The Mercedes F1 team has revealed it has been using AMD (NASDAQ: AMD) EPYC processors to boost the development of aerodynamics for its F1 cars, which helps to cut lap times. Due to recent rule changes, teams in F1 have been increasingly constrained by the cost of the hardware they use to improve the aero on their cars.
In a further plot twist, teams at the top of the championship table see their R&D spending in this area cut to a bigger extent than those teams at the lower end on points to help promote competition among teams with varying budgets. Mercedes’ success in recent years means it’s faced the biggest cuts.
There was a restriction on compute power for the 2020 season, in 2021 this shifted to a limit on how many model geometries could be tested plus a cap on overall spending. From $145 million for the 2021 season, it has been reduced to $140 million in 2022 and then will be $135 million in 2023. Servers used for CFD are now included in this budget, so is highly focused on performance and efficiency and doing as much as it can within the new budgets and time frames.
‘Our end goal is winning championships,’ says Simon Williams, Head of Aero Development Software at Mercedes-AMG Petronas F1. ‘The aerodynamics of the car is one of the biggest performance differentiators.’
‘Having the best CFD ( Computational Fluid Dynamics) on the grid is our aim. That obviously relates to the hardware that we are using’
‘It’s about trying to maximize the work that the CFD solve can do per clock cycle’
‘EPYC was the front runner in delivering the performance and space saving we needed,’ continues Williams. The Mercedes F1 team chose 2nd Generation AMD EPYC processors to replace the three and a half year-old system it had from another vendor.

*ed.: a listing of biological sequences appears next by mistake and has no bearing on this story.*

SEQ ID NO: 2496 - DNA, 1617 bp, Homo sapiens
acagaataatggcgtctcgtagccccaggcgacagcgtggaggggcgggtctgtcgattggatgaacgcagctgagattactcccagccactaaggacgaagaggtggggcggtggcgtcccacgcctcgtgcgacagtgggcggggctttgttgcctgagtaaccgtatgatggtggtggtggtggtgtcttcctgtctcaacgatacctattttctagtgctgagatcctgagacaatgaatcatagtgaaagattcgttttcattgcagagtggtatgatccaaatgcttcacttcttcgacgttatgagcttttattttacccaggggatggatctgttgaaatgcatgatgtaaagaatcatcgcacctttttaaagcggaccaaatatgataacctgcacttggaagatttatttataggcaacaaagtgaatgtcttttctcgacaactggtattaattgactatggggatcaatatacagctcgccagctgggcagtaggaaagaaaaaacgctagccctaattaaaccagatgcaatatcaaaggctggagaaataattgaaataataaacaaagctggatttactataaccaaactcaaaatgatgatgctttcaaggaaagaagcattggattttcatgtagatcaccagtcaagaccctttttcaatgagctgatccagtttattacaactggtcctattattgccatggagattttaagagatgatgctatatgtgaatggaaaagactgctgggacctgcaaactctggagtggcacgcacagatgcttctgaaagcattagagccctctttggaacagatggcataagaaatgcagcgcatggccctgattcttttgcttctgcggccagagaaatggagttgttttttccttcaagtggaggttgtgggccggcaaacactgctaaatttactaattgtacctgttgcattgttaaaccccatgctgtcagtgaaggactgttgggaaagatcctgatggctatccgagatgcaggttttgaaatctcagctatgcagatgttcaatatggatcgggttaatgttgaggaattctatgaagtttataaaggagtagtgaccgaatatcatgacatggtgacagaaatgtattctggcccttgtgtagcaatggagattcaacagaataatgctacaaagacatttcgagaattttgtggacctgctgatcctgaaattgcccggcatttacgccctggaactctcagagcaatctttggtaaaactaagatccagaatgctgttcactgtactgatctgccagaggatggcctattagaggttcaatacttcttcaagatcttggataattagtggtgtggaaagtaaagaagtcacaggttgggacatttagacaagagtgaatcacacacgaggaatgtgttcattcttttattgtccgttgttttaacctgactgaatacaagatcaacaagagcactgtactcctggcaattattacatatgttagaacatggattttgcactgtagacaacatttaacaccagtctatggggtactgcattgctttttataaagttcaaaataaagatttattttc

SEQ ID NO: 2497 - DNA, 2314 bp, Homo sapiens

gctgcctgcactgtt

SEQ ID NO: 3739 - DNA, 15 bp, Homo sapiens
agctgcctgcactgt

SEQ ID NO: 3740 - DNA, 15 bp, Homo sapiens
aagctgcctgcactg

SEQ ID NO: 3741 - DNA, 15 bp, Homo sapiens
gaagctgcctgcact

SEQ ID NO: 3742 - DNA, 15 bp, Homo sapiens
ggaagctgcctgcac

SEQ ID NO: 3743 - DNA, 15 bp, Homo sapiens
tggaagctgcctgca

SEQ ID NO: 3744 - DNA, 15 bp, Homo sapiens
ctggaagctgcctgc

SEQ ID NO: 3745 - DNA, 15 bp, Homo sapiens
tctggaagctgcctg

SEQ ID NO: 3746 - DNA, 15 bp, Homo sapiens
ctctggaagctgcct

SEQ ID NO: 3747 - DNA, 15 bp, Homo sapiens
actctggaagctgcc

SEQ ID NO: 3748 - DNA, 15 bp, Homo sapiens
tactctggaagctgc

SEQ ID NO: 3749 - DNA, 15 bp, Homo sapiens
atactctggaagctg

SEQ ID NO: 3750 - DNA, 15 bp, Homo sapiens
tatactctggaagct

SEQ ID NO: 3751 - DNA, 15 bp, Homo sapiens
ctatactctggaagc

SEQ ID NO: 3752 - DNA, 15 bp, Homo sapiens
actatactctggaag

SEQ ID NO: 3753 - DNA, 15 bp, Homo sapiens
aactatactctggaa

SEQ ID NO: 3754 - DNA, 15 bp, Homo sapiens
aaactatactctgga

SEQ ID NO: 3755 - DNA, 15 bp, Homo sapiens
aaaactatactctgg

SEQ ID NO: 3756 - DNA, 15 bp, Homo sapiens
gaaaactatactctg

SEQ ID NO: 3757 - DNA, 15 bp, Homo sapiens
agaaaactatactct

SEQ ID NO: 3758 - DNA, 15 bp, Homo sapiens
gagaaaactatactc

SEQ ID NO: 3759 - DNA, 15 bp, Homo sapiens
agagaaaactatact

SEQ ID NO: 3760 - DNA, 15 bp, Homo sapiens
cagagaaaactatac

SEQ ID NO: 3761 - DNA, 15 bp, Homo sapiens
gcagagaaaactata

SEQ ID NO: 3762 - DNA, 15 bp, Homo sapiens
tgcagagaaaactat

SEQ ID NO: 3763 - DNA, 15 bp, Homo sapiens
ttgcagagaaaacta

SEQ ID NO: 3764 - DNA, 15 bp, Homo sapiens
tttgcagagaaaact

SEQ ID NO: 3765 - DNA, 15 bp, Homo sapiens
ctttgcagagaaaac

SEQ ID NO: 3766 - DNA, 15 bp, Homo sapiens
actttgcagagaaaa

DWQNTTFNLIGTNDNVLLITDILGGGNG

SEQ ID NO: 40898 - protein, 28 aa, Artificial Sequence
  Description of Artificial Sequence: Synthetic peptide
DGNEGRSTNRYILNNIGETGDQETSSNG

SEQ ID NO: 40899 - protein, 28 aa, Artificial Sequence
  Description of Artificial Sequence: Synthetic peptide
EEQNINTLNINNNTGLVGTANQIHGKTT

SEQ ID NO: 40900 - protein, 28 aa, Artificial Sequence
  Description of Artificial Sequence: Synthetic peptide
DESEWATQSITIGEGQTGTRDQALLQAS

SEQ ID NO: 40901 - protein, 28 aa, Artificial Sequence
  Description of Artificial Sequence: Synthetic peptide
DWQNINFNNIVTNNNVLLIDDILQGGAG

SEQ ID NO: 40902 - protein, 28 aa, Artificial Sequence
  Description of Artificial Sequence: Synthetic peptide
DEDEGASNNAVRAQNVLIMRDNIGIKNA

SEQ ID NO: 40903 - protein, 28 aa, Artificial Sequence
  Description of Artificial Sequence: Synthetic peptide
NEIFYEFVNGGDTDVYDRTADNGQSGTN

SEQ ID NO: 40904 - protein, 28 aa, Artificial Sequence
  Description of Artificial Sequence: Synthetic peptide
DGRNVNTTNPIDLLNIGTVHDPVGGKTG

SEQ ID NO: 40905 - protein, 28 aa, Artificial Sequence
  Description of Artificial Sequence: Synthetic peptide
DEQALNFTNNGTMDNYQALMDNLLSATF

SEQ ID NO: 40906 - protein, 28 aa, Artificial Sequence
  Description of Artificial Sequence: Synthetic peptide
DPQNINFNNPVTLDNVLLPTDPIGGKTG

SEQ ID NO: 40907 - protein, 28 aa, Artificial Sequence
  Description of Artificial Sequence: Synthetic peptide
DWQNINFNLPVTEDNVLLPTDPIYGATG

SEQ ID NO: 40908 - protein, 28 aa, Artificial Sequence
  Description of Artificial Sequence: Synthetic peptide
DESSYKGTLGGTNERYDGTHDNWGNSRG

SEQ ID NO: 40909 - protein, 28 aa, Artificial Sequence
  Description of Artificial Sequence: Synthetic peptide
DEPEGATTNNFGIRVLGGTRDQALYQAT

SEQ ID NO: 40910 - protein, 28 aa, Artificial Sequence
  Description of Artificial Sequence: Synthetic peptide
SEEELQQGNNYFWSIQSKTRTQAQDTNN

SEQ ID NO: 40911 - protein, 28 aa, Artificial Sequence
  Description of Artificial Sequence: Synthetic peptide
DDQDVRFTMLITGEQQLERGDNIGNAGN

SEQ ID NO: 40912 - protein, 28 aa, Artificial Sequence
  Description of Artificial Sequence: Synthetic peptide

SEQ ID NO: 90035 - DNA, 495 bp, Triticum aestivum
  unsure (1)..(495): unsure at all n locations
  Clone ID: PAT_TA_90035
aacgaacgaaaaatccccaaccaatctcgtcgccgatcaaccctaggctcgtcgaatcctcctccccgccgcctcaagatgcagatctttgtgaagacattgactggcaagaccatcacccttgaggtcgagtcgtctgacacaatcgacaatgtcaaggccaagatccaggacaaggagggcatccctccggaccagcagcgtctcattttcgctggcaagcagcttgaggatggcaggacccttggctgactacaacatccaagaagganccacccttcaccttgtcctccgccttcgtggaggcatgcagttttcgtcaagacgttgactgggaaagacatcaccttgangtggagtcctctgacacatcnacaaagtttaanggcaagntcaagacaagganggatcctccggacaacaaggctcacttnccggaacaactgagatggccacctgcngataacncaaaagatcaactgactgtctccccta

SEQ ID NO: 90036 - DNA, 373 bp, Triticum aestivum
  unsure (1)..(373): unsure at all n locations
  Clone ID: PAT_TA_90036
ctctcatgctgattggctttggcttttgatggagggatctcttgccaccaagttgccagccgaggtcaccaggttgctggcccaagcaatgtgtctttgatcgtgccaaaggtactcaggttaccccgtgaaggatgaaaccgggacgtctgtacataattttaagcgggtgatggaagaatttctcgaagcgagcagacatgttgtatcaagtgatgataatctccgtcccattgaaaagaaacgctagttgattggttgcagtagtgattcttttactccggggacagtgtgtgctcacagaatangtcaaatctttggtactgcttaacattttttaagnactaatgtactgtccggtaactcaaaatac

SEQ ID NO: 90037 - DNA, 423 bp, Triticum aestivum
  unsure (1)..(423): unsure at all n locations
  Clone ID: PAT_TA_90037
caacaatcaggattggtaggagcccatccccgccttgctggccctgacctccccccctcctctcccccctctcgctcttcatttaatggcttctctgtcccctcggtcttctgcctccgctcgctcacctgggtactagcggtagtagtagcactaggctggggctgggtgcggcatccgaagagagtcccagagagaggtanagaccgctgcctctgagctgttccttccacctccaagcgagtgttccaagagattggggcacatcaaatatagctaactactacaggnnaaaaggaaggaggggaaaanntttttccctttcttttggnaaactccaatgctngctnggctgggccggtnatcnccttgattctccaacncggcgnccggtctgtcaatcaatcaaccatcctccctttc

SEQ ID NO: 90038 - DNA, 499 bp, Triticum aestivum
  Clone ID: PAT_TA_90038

‘We gained a 20 percent efficiency improvement on the old system. This is a big step because we’re usually looking at one or two percent gains. The new system is allowing us to focus our effort on aerodynamic performance. Reliability has been great too.’
‘If we miss even a few hours that puts us on the back foot, so it’s important that these systems are robust and reliable. This is something that EPYC has delivered. The time scales are so short from initial idea, to CFD, to testing in the tunnel, and then into the car. It could be measured in weeks. The fact that we’ve been able to deliver consistently over the year has been key.’
‘AMD EPYC processors have been a critical part of giving us a competitive edge over the others on the grid. It has been essential for winning races and championships. AMD has helped us meet the goal of faster iterative performance and cutting the time in half, thanks to 20 percent faster compute.’
Mercedes has won the last eight constructor’s world championships with its drivers, including Lewis Hamilton, winning the driver championship on all but one of those occasions. You can read more about the collaboration between AMD and Mercedes-AMG Petronas F1 here.